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'No risk of power outages' as Eskom can appeal emission extension refusals

There is no need tor fear that power outages are imminent, according to the departments of public enterprises and forestry, fisheries and the environment, as Eskom has been given time to appeal decisions about compliance with emissions at power stations. File image
There is no need tor fear that power outages are imminent, according to the departments of public enterprises and forestry, fisheries and the environment, as Eskom has been given time to appeal decisions about compliance with emissions at power stations. File image
Image: 123RF/beercrafter

The departments of public enterprises and forestry, fisheries and the environment assured the public on Wednesday that there was no risk of imminent power outages.

On Tuesday, Eskom said the decision by the environment department in November, declining applications by Eskom to postpone compliance with emission standards at five of its power stations, would have a significant impact on the utility’s ability to provide electricity.

Eskom said the refusal meant that, if implemented, the decision will result in the immediate shutting down of 16,000MW of coal-fired capacity.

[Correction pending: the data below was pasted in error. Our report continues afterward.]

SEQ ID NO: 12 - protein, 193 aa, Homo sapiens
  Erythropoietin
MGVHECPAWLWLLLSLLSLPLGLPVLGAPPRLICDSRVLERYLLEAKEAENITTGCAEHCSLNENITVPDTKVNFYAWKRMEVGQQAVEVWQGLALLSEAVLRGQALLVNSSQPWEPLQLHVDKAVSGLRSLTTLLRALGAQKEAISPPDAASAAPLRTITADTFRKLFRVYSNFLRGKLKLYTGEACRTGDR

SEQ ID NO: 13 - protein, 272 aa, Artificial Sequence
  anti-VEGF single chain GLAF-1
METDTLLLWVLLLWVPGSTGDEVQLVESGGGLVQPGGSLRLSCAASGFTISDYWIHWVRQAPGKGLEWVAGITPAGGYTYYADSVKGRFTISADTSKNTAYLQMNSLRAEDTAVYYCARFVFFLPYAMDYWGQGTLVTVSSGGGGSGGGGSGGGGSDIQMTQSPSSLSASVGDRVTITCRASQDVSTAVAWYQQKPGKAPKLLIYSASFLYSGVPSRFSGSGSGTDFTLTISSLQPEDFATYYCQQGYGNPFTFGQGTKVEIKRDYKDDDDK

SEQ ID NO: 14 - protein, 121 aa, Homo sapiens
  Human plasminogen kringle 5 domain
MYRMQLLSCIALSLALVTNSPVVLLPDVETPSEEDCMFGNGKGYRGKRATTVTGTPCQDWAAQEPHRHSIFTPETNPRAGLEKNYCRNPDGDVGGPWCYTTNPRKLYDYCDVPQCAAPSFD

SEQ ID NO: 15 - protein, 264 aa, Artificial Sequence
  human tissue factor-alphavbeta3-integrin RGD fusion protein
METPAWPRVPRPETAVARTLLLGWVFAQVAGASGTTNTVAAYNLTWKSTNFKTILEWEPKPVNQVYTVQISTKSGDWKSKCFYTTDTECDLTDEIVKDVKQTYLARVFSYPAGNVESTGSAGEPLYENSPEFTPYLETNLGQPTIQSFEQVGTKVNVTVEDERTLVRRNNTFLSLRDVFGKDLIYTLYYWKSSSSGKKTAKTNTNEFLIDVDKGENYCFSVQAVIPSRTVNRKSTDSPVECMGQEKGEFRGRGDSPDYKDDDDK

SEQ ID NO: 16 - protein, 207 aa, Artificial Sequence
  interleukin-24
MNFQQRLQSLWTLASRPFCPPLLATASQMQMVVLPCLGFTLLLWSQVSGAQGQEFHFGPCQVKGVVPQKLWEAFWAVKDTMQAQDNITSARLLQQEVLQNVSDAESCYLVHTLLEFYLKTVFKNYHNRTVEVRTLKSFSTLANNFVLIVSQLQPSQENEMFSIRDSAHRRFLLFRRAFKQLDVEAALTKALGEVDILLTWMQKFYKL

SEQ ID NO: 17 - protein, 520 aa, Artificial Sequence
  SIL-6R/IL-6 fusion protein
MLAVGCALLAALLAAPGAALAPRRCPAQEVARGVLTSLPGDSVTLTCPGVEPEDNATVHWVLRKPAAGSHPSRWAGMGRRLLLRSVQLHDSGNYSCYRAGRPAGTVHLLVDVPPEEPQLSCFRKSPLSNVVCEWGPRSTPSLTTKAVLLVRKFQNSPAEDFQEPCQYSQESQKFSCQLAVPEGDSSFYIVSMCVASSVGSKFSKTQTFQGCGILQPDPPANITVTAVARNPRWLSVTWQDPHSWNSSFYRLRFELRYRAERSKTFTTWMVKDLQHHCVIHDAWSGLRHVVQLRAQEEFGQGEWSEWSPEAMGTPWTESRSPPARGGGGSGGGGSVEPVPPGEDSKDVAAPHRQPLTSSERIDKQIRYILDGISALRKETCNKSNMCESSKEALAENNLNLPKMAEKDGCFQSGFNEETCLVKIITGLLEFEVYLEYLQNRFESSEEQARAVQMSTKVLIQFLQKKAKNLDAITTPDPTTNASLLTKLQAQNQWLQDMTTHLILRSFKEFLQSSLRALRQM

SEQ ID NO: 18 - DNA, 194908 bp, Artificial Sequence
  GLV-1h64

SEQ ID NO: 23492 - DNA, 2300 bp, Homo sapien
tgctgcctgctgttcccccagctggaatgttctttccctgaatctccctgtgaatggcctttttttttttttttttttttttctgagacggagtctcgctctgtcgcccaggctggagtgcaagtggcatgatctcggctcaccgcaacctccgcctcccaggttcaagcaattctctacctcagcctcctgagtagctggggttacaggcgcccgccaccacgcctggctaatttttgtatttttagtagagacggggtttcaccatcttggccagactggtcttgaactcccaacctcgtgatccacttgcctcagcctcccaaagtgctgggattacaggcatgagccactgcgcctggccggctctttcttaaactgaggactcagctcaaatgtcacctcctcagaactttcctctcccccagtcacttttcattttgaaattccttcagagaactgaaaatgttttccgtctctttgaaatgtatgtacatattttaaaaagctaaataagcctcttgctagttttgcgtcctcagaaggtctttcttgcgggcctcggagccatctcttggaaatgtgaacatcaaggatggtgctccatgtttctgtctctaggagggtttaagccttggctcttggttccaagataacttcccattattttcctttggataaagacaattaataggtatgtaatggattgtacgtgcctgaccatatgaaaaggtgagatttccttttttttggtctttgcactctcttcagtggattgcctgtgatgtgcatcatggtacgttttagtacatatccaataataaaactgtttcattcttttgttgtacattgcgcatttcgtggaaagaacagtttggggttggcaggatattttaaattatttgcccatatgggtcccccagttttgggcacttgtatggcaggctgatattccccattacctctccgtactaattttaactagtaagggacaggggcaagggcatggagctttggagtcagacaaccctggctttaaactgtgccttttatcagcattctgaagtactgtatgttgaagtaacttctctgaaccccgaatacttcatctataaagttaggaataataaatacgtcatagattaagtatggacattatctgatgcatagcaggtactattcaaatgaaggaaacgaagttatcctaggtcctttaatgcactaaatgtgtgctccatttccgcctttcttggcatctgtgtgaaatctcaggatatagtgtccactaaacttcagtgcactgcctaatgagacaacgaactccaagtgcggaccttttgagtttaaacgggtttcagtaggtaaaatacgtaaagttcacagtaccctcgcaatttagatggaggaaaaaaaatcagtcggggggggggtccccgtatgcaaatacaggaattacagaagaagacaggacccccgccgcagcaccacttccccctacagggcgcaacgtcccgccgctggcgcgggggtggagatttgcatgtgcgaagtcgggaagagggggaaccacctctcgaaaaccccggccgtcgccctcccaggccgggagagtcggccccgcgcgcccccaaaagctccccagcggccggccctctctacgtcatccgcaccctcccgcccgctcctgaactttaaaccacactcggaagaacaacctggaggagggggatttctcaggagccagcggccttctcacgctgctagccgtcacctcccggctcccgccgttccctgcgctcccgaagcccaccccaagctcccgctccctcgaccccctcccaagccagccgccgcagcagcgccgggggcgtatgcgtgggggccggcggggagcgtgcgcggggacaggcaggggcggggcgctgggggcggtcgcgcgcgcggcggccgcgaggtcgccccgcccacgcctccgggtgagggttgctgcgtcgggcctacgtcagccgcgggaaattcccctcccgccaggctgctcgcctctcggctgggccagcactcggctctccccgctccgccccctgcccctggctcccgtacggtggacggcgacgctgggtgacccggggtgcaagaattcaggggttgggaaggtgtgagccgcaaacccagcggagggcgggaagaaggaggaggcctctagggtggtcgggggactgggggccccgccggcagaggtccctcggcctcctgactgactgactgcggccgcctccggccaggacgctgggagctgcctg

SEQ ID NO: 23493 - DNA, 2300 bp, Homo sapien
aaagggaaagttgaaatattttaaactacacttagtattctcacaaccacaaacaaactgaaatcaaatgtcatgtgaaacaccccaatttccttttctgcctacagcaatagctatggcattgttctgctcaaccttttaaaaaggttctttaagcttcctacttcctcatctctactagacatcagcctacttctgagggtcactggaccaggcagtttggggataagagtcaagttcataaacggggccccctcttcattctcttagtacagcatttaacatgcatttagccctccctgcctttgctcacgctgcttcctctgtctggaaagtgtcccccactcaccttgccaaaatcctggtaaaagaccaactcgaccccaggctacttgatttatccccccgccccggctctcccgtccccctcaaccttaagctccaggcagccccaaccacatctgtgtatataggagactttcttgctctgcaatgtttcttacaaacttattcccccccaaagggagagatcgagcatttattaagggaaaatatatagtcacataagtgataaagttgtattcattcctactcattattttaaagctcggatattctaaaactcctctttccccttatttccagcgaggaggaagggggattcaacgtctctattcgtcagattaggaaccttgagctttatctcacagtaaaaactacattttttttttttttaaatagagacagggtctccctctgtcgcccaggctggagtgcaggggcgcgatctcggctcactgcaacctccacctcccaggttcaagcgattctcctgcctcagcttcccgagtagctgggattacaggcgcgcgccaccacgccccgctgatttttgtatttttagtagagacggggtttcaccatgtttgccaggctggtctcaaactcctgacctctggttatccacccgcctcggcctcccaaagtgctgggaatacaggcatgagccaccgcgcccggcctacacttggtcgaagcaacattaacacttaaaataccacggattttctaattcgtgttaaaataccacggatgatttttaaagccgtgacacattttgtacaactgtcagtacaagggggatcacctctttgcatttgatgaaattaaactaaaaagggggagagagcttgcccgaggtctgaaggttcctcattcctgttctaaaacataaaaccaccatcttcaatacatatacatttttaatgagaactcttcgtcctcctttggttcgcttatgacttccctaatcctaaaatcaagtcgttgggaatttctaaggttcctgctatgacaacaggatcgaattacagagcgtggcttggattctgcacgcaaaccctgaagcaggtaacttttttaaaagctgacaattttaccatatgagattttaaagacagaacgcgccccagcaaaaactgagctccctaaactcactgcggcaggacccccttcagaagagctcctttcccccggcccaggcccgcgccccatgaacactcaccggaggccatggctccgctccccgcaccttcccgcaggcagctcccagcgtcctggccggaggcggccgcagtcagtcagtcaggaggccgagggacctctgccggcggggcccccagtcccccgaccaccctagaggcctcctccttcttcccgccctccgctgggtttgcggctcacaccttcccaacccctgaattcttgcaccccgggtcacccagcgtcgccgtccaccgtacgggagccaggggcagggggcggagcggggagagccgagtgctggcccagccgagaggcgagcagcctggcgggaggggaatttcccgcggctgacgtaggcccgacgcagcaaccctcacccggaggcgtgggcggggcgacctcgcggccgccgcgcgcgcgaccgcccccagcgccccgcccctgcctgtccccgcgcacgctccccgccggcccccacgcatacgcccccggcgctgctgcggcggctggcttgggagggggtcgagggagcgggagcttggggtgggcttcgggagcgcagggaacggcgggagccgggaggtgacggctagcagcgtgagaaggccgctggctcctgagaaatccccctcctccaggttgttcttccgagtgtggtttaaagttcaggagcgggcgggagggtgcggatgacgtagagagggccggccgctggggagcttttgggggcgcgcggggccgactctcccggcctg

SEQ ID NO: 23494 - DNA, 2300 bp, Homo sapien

“This would have a significant negative impact on the economy and employment … and delay the country’s plans for an energy transition to a cleaner energy supply.”

However, on Wednesday, the two departments said the appeal administrator in the environment department has granted Eskom approval to file an appeal, which has been done. 

“Members of the public and stakeholders are requested not to panic, as there is no imminent power outages,” the two departments said.

In terms of the National Environmental Management: Air Quality Act, Eskom coal and liquid fuel-fired power stations must meet minimum emission standards (MES) regulations published in the Act.

The regulations provide time frames for compliance with power plant emission limits.

Eskom is struggling to comply with some of the proposed limits and, during 2019 and last year, the utility submitted applications for postponement, suspension and alternative limits on emission standards for  16 power stations.

The applications contained detailed reasons, including that  full compliance would cost more than R300bn and will not add any additional capacity to the national grid.

The environment department responded to Eskom’s applications on November 4.

The department approved Eskom’s postponement applications for seven power stations and granted partial postponement requests for four stations.

However, the department declined Eskom’s postponement requests at Matla, Duvha, Matimba, Medupi and Lethabo. 

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